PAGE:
Cars built during the mid 20th century offered a vast improvement in steering and suspension over their predecessors of even 20 years earlier. Fast forward 50 or 60 years, however, and they’re woefully inadequate for today’s roads and highway speeds, especially when fitted with more modern engines and powertrains. While some lend themselves to easy suspension swaps (think of the myriad of Mustang II–based crossmembers and clips available in the aftermarket), others aren’t so easily adapted.

This ’50 Olds is a perfect case in point. Jules Engoren bought this 455-powered coupe that already had a rack-and-pinion and disc brakes installed, yet he was less than enamored when it showed a tendency to swap lanes on the freeway at the sign of any slight deviation in the road surface. Zero (or even positive) caster made steering lighter in the days before power steering was common, and highway speeds were a lot slower back then. There is no way to adjust the caster on the Olds, yet the owner didn’t want to go to the expense and amount of work involved to “clip” the car.

Having had “Kiwi” Steve Davies of Kiwi Steve’s Hot Rod Shop in Brea, California, perform work on his ’34 phaeton in the past, he asked Davies if he could modernize the suspension and steering without resorting to a front frame swap. The Olds has a chassis that doesn’t lend itself easily to such a job, as the framerails are not parallel and the front crossmember is a hefty affair, to say the least.

After a lot of trial and error, and much planning, the result is a vastly improved ride that instills driver confidence, not fear. It’s also an upgrade that could be performed with stock parts from other cars, though aftermarket upper control arms and spindles were used from Classic Performance Products, offering the benefit of improved strength with new parts.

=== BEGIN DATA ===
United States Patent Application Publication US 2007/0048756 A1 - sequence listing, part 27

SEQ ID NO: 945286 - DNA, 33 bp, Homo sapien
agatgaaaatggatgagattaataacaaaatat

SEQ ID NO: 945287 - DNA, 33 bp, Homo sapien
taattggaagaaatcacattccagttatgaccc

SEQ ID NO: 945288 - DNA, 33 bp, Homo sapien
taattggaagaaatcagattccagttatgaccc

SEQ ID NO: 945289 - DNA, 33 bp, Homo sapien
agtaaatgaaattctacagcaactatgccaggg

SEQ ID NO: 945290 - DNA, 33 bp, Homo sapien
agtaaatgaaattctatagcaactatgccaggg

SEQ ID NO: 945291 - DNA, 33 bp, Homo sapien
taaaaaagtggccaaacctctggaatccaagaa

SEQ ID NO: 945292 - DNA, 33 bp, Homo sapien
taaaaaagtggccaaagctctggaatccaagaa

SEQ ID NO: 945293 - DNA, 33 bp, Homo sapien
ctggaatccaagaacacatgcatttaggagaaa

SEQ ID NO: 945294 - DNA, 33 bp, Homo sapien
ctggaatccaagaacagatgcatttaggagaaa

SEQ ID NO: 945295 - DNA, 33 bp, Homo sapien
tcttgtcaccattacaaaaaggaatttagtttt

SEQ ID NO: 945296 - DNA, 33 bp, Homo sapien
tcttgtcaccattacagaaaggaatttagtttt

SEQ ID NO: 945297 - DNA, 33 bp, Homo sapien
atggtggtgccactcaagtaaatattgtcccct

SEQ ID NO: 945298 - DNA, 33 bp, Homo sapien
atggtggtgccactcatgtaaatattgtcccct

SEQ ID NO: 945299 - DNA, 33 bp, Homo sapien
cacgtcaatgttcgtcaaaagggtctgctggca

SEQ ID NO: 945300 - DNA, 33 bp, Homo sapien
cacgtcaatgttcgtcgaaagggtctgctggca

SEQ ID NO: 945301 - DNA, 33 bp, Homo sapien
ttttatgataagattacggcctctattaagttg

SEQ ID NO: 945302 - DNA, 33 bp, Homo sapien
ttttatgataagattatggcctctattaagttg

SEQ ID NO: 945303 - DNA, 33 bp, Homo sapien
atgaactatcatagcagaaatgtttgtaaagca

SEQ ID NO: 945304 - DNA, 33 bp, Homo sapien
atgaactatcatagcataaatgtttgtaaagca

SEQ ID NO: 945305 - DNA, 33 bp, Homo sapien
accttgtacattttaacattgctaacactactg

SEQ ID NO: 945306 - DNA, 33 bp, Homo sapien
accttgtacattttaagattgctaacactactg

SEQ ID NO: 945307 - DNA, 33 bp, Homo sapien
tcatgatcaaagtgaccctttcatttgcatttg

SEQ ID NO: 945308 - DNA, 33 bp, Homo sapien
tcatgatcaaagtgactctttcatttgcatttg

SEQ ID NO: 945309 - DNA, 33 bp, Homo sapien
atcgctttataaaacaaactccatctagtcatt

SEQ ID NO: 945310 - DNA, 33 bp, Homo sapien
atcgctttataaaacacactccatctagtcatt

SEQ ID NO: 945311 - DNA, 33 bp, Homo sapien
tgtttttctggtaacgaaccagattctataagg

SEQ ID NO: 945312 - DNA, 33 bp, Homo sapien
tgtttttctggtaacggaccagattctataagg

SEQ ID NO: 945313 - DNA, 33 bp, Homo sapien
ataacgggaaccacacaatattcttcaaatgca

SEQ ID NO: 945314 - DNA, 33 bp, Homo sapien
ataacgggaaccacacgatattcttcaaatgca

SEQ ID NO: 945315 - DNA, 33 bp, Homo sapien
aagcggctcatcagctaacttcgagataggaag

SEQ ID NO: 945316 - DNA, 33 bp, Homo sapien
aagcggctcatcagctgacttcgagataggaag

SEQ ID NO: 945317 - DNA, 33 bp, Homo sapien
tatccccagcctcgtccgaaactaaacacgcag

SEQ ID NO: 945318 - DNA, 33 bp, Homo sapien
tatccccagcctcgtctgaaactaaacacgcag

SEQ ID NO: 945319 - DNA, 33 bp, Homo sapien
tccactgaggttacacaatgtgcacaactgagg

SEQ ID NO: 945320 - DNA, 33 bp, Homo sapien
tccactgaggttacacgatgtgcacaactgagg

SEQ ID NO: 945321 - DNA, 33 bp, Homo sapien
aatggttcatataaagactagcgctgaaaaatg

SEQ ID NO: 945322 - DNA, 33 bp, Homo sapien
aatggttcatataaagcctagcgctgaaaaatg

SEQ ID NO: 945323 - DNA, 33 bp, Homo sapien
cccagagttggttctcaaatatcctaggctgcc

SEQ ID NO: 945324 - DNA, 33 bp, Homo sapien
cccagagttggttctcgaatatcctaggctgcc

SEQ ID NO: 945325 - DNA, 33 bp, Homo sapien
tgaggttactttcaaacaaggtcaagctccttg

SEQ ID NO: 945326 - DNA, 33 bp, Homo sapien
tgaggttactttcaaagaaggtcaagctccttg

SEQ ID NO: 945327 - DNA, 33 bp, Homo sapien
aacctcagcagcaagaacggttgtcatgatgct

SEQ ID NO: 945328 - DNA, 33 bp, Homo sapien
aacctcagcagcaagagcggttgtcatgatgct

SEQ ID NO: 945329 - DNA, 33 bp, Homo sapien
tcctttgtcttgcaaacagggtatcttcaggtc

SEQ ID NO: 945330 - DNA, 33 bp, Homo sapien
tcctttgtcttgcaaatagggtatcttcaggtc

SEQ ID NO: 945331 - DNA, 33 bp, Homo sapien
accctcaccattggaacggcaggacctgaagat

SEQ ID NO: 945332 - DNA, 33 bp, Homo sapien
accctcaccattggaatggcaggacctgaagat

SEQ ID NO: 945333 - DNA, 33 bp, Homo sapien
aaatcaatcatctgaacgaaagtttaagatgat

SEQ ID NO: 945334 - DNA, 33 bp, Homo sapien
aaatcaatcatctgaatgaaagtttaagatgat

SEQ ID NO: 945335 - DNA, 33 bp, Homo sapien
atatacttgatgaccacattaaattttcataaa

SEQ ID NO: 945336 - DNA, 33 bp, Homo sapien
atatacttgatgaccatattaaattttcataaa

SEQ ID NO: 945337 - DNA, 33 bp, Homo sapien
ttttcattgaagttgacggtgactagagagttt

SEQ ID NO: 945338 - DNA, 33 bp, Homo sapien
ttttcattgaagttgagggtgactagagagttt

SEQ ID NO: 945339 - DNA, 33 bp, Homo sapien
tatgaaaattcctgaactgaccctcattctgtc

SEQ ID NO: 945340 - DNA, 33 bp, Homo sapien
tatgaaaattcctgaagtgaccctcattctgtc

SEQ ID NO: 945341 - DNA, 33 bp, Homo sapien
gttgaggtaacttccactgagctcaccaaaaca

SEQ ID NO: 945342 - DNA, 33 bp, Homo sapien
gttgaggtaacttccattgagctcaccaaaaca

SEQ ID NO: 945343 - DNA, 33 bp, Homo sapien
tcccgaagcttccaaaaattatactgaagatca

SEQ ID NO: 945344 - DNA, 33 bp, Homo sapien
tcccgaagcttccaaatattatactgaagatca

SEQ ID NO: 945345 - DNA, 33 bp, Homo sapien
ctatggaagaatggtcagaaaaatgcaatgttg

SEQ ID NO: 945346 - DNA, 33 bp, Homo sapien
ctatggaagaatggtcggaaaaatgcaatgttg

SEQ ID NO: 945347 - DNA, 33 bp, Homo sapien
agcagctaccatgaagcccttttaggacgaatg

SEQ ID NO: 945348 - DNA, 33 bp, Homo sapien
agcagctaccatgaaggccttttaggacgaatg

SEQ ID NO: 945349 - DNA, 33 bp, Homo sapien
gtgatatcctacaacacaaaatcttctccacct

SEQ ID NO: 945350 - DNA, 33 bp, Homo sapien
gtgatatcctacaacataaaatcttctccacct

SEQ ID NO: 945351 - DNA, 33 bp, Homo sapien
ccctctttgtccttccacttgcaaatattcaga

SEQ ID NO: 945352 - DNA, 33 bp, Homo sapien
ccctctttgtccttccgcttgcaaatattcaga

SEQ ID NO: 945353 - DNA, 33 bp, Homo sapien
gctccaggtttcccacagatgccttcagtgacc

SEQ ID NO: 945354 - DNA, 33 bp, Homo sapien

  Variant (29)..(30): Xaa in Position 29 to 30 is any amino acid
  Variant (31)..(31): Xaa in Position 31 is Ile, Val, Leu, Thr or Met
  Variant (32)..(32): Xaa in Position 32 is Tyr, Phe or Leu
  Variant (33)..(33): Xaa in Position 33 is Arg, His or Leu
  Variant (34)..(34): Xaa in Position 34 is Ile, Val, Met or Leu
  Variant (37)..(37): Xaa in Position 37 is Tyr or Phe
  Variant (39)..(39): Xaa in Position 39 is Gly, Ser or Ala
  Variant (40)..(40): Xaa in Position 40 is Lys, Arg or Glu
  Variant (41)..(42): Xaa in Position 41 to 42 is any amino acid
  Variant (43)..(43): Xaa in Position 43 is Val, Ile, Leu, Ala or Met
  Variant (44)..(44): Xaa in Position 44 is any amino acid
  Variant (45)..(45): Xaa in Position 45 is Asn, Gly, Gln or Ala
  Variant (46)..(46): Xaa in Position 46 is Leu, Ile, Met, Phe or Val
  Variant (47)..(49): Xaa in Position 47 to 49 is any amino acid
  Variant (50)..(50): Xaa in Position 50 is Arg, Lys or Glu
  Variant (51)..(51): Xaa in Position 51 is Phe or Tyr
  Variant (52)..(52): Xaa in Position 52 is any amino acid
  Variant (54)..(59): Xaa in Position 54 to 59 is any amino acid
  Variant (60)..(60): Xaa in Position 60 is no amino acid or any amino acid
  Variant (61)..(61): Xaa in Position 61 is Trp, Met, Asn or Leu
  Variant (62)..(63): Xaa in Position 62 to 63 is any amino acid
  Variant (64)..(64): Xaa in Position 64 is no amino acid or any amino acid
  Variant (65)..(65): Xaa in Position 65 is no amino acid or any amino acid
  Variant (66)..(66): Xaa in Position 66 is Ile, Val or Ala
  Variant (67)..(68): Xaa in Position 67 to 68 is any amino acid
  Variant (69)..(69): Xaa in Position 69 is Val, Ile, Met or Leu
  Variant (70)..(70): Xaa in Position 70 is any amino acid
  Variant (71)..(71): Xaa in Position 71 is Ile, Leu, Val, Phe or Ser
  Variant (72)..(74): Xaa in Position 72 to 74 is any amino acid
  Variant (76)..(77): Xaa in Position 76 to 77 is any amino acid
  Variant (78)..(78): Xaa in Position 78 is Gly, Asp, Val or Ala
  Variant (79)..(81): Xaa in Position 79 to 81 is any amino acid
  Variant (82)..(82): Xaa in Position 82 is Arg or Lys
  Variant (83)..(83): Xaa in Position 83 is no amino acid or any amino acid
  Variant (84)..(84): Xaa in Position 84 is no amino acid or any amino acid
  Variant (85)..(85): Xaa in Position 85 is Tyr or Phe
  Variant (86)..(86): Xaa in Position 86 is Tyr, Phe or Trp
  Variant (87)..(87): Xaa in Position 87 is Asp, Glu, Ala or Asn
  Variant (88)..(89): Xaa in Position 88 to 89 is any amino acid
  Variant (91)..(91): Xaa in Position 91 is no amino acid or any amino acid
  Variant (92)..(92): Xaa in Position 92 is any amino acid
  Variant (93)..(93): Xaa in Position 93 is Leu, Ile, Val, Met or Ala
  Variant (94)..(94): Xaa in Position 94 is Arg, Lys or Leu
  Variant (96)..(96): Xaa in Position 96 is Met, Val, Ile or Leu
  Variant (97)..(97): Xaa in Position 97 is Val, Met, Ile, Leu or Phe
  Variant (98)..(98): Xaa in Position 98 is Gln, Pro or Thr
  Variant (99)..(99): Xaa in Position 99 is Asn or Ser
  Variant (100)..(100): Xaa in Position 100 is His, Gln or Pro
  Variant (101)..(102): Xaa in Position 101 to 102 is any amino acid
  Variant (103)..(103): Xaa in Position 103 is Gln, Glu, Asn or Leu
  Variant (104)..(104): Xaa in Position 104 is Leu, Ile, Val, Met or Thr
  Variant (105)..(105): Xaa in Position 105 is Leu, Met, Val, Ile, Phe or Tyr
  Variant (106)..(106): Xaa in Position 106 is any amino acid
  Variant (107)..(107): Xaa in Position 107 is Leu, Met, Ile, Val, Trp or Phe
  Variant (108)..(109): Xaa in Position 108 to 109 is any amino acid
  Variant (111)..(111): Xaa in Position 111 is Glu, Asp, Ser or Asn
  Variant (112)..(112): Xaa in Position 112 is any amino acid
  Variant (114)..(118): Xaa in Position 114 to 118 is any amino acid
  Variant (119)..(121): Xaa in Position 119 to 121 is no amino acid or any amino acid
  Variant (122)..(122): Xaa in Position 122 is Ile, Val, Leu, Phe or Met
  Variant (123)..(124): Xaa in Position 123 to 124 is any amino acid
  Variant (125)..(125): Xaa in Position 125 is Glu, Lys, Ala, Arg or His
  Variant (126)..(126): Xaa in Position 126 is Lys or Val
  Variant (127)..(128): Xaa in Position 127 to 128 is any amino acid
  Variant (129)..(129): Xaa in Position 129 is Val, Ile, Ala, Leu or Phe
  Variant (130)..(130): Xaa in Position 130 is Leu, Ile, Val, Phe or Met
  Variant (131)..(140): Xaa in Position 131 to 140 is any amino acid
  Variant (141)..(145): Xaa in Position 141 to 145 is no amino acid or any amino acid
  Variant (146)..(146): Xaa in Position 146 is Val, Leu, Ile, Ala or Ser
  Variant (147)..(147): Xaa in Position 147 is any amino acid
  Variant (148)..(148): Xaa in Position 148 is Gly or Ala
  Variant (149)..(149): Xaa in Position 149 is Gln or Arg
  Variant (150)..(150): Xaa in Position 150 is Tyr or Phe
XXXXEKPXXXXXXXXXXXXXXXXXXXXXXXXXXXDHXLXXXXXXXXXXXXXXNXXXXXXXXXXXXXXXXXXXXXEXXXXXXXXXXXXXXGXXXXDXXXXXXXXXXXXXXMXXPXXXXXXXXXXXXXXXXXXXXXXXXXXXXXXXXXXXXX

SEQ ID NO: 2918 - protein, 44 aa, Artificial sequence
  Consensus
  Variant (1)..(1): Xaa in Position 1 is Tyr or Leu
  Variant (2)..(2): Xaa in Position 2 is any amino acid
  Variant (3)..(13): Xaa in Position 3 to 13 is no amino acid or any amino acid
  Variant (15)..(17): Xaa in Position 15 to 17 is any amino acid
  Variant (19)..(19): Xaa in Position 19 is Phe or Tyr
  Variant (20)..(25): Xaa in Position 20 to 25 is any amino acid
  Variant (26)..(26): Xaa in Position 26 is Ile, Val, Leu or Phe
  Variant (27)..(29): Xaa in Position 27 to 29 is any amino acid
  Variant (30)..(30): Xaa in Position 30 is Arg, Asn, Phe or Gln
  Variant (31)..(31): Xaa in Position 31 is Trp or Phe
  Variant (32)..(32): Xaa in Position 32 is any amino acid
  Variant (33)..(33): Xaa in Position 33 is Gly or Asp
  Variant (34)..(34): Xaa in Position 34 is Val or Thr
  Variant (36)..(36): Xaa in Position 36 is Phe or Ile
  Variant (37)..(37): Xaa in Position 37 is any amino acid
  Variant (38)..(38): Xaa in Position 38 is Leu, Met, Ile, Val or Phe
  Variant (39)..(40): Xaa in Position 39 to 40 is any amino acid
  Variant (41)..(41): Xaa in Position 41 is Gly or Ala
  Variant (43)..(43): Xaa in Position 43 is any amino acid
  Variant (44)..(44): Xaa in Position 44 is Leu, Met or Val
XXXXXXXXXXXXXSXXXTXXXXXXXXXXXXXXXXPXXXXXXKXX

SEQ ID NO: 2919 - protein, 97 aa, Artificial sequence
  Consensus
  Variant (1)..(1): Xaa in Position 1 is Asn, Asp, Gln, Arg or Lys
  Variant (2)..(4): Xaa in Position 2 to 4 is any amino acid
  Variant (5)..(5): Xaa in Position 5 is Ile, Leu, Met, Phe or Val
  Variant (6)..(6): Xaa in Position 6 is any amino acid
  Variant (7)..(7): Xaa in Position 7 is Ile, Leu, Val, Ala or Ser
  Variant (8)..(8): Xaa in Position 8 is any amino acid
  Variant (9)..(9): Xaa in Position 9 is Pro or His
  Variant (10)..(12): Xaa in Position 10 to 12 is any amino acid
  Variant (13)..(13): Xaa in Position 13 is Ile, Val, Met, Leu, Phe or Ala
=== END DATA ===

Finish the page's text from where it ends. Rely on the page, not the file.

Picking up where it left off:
However, before we get into the nitty-gritty of the swap, there are a couple of things to bear in mind. Firstly, this isn’t a job for a novice, as plenty of fabrication and a thorough understanding of suspension and steering geometry are required to complete the task. Secondly, this swap represents an improvement over the stock Olds components, not a perfect front suspension on this platform, as so much is inherently “wrong” to start with. It is, however, with the right knowledge and skills, easier than stripping the car and grafting in a front clip from the firewall forward, as the engine, transmission, sheetmetal, and bumpers don’t require removal and remounting. The use of Chevelle spindles means there is a vast selection of rotors and calipers that can be used, from stock versions all the way up to six-pot calipers and large-diameter vented rotors.

Wrapping Up ...

Though not part of the suspension, per se, there were a couple of associated jobs that were required to complete the project. As mentioned, this ’50 Olds has a 455/700-R4 combo, and with the starter on the left side, exhaust clearance and steering column routing posed a challenge. After trying four or five different manifolds from various Olds models, this version that kicked out toward the rear finally provided the necessary steering shaft clearance. A small section of tubing was then welded up, with flanges for ease of future maintenance. With the addition of power steering, the Olds required a power steering pump, but specifically one valved for a power rack, not a steering box. This old style, low pressure, Saginaw pump was sourced from a one-year-only Chevy Citation.

SOURCE
Kiwi Steve’s Hot Rod Shop
714-671-9454
www.kiwisteveshotrodshop.com
Classic Performance Products
378 E Orangethorpe Ave.
Placentia
CA  92870
800-830-1724
http://www.classicperform.com